In Defense of Identity Politics

Many women (and men) spent the post-election weeks in an altered state, where the world seemed torn asunder and all that was solid melted into air. But as the various postmortems poured in, one dominant frame emerged: Democratic electoral failure was the result of a myopic focus on “identity politics” by a liberal elite woefully beholden to the politically correct trifecta of race, gender and sexuality, ignoring the supposed centrality of class and the failing fortunes of the poor white working man. This is wrong-headed and dangerous.

Finding traction among a curious mix of Democratic party leaders, left-wing pundits, and right-wing ideologues, the story goes something like this: Hillary Clinton lost because the party didn’t pay significant attention to the pain and dislocation of the white working class and focused too much on identity politics, ceding the economic revitalization argument to the populist rhetoric of Donald Trump. In the conservative or neoliberal version of this view, offered by folks such as Mark Lilla, Democrats had a “fixation on diversity” and instead of focusing on the anger of rural white men, spent the campaign “calling out explicitly to African-American, Latino, L.G.B.T. and women voters at every stop.”

The left-wing version isn’t much different, treating racism and misogyny as symptoms of a “larger” problem, not as problems in and of themselves. Echoing the 1990s mantra “It’s the economy, stupid,” they argue that racism and sexism were unfortunate side effects of the real illness of economic vulnerability and insecurity. Writing in The Nation, D.D. Guttenplan acknowledges that Clinton’s campaign might have been “genuinely inspiring to millions of women” but dismisses arguments about gender or racial hatred as just so much elitist “petulance” that ignores the (economic) populist surge at the heart of Trump’s victory. Harold Meyerson claims, in The American Prospect, that Trump voters legitimately “felt left behind and displaced” by the “establishment economic policy.” Over at Politico, Rob Hoffman excoriates the “smugness” of the Left, claiming that the “PC” liberal elite waged “a war against right-wing ethics,” pushing Trump to certain victory. And socialist standard-bearer and presidential wannabe Bernie Sanders repudiates Trump’s racism and sexism yet somehow imagines this can be forgiven or perhaps forgotten, for as long as “Trump has the guts to stand up to those corporations he will,” claims Bernie, “have an ally with me.”

In a Boston speech following the election, Sanders argued that we need to “go beyond identity politics” and then doubled down and schooled a Latina activist by insisting that “it is not good enough for somebody to say, ‘hey, I’m a Latina, vote for me.’” Which, it turns out, no one has ever done.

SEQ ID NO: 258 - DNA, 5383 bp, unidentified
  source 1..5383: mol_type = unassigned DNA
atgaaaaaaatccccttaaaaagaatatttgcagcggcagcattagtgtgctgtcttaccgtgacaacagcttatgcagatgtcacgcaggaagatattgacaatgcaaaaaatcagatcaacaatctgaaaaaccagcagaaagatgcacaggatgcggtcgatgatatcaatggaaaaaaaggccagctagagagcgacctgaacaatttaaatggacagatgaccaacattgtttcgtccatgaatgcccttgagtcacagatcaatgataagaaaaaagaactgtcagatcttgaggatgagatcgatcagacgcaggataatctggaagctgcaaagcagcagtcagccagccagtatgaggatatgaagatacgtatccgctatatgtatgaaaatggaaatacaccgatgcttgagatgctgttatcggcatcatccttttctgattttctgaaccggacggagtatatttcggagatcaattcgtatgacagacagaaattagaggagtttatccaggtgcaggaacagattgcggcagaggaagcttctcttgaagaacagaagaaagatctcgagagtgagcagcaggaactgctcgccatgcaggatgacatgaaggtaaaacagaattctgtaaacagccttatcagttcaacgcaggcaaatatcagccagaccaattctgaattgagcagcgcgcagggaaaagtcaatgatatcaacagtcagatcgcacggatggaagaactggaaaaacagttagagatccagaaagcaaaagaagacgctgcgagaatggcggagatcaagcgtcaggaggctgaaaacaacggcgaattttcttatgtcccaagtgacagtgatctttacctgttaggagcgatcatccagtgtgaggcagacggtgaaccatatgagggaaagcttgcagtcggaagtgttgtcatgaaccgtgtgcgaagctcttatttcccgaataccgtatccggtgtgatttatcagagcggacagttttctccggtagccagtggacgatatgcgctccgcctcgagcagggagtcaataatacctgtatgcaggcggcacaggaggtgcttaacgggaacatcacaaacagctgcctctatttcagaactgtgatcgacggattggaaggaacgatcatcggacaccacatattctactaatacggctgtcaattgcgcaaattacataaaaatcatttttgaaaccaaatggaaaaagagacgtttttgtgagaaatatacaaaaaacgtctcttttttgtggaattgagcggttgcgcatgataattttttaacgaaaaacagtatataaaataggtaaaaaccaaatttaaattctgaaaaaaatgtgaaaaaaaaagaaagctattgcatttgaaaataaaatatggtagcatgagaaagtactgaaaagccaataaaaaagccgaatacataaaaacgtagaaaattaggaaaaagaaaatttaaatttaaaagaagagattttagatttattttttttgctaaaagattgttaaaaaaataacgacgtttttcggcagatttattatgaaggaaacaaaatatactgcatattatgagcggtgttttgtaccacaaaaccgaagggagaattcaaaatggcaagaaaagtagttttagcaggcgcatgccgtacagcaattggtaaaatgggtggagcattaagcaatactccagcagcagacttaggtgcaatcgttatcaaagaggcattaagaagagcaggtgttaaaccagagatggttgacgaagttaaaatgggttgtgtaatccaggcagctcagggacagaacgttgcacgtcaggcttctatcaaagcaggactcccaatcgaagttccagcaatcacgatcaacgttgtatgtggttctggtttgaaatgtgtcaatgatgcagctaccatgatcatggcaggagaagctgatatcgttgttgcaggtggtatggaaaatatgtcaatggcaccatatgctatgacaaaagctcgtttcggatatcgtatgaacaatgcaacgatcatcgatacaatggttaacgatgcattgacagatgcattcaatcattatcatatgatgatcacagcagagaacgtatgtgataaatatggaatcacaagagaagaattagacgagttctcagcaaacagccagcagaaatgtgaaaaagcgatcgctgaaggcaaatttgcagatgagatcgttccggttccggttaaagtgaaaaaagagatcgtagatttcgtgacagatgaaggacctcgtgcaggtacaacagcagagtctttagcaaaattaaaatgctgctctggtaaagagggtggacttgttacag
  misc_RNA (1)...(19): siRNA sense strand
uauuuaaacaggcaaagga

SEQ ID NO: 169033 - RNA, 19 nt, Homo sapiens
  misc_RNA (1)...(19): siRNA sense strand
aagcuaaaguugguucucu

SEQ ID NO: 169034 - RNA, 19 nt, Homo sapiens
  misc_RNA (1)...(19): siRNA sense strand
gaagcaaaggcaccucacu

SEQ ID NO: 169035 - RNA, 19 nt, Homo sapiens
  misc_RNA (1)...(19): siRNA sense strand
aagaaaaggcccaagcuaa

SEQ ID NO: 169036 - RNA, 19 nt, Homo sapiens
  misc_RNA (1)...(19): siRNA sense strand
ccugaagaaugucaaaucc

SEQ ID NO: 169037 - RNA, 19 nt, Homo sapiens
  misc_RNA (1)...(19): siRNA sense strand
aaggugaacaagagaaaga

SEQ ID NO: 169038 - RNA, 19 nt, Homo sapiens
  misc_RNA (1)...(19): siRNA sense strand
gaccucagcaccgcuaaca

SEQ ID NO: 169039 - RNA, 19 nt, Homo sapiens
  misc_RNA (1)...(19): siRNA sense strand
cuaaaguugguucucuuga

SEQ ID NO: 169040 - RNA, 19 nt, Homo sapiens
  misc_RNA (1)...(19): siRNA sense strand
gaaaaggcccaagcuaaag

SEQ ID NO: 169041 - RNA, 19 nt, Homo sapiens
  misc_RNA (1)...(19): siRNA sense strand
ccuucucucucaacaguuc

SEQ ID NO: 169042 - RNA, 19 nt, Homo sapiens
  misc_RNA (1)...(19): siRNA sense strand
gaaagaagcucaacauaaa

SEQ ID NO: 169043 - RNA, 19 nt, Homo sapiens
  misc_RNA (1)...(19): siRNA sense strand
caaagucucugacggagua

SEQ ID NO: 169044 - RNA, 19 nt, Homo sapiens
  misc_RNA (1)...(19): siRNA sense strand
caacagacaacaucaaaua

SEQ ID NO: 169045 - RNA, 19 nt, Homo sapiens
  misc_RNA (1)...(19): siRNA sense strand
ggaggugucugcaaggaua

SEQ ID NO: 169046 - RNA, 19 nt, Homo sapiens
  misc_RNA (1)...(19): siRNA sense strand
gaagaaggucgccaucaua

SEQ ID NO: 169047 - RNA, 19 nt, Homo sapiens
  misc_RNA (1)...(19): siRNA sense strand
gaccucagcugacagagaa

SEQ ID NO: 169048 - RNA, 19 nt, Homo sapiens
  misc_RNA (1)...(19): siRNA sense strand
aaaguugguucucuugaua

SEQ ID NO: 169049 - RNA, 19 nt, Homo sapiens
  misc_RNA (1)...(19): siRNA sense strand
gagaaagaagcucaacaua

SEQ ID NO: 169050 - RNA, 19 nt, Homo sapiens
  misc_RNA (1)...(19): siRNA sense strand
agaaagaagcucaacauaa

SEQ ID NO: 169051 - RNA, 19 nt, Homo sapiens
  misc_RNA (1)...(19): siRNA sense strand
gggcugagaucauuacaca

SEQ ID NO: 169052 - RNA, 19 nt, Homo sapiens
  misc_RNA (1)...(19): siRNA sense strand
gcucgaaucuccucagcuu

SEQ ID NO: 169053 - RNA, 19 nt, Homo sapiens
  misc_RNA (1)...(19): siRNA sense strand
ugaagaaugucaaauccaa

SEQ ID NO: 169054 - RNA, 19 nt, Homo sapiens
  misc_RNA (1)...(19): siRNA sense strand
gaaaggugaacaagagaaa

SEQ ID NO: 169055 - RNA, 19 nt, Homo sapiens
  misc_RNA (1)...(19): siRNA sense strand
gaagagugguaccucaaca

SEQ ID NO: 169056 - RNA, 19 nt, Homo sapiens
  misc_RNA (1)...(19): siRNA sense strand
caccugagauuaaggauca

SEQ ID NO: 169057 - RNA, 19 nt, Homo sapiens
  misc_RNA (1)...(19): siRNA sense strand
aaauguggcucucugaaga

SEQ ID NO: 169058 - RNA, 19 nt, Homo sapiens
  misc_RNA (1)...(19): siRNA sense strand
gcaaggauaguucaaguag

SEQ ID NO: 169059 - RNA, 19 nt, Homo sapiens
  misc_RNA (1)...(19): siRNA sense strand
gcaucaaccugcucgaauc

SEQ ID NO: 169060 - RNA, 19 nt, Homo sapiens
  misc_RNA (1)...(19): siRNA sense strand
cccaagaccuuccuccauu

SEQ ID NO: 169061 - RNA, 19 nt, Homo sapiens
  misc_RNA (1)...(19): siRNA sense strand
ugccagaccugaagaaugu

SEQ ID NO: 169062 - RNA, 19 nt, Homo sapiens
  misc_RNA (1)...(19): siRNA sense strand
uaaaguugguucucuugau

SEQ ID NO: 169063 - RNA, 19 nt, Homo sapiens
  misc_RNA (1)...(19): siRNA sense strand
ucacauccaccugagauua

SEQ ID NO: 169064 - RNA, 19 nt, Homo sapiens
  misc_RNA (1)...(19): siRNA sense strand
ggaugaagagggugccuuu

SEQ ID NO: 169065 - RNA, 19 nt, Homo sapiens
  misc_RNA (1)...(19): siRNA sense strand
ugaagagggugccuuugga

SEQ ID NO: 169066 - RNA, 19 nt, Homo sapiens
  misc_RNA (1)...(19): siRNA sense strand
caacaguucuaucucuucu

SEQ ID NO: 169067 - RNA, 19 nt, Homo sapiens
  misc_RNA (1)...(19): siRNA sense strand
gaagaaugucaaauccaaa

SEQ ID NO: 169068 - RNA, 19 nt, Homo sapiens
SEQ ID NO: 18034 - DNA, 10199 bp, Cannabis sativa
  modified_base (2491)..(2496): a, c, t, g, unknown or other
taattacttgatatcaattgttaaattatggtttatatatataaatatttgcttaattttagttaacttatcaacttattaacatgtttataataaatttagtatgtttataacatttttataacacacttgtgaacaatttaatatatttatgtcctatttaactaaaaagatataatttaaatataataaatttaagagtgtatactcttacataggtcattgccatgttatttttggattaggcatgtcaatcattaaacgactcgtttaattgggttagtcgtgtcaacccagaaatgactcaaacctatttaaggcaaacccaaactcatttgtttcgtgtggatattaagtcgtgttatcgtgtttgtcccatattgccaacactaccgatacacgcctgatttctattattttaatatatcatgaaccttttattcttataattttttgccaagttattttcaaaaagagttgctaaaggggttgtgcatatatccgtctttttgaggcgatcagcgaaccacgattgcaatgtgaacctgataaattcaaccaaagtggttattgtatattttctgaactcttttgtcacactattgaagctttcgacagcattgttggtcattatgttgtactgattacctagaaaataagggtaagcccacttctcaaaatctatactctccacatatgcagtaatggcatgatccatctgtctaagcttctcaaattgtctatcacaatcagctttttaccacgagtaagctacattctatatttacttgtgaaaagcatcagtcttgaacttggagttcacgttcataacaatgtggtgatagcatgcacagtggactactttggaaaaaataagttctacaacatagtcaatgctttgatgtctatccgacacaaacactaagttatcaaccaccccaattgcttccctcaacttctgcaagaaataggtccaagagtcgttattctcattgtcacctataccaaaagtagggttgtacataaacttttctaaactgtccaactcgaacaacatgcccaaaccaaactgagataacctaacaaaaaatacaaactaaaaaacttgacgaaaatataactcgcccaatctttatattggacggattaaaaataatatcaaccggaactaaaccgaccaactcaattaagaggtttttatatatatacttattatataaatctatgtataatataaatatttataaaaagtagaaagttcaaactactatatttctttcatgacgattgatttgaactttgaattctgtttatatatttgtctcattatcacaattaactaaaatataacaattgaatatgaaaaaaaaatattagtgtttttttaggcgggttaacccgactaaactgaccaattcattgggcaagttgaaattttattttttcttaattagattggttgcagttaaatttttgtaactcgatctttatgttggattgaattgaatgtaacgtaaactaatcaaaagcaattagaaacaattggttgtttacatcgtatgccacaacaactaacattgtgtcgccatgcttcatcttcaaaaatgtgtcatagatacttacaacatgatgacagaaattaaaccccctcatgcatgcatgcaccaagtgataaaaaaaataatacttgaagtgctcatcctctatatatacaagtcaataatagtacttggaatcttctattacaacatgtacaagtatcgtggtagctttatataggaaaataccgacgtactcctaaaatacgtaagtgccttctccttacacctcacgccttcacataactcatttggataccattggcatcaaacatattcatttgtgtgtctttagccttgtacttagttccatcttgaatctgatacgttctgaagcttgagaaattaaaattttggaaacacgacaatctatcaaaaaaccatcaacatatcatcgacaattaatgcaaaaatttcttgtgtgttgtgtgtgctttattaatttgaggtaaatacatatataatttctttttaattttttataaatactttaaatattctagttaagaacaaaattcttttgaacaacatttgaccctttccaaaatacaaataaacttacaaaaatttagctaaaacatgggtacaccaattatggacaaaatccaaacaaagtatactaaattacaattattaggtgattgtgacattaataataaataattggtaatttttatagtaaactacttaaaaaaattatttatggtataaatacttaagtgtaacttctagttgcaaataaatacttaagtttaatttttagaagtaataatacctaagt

So presumably Trump’s positions on race and gender are, well, trumped, by his rhetoric of populism and anti-corporatism? One is reminded of that old and scary adage, “Say what you want about Mussolini, at least the trains ran on time.” These arguments put their authors in a confusing position. Trump’s misogyny, xenophobia, and racism were on vivid display throughout the campaign, and he has surrounded himself with white supremacists and others committed to making lives more difficult for women, gays, people of color, Muslims, and immigrants. This was not hidden from public view: from his tape-recorded comments bragging about sexual assault, to his derogation of Mexicans as rapists and criminals. How, then, does one make the claim—as Bernie Sanders recently did—that Trump voters are not themselves racist or sexist? Surely, most of those voters would deny that designation, as would their right- and left-wing defenders. And it is undoubtedly the case that many if not most of those voters might live in ways that don’t appear to be virulently racist or sexist. Yet if you knowingly vote for an unrepentant racist and sexist, what does that say about you? If you lie down with dogs, you do indeed get fleas.

If violence against women and KKK endorsement are not electoral deal breakers, then how does one evaluate the political values and ethics of those voters? And are we to believe that Hillary’s “unlikability” and media-driven “scandals” somehow pushed voters to endorse a spectacularly uninformed and dishonest huckster without sexism playing a part, when “trump that bitch” and “lock her up” (and much worse) were the everyday refrains of the candidate and his supporters alike?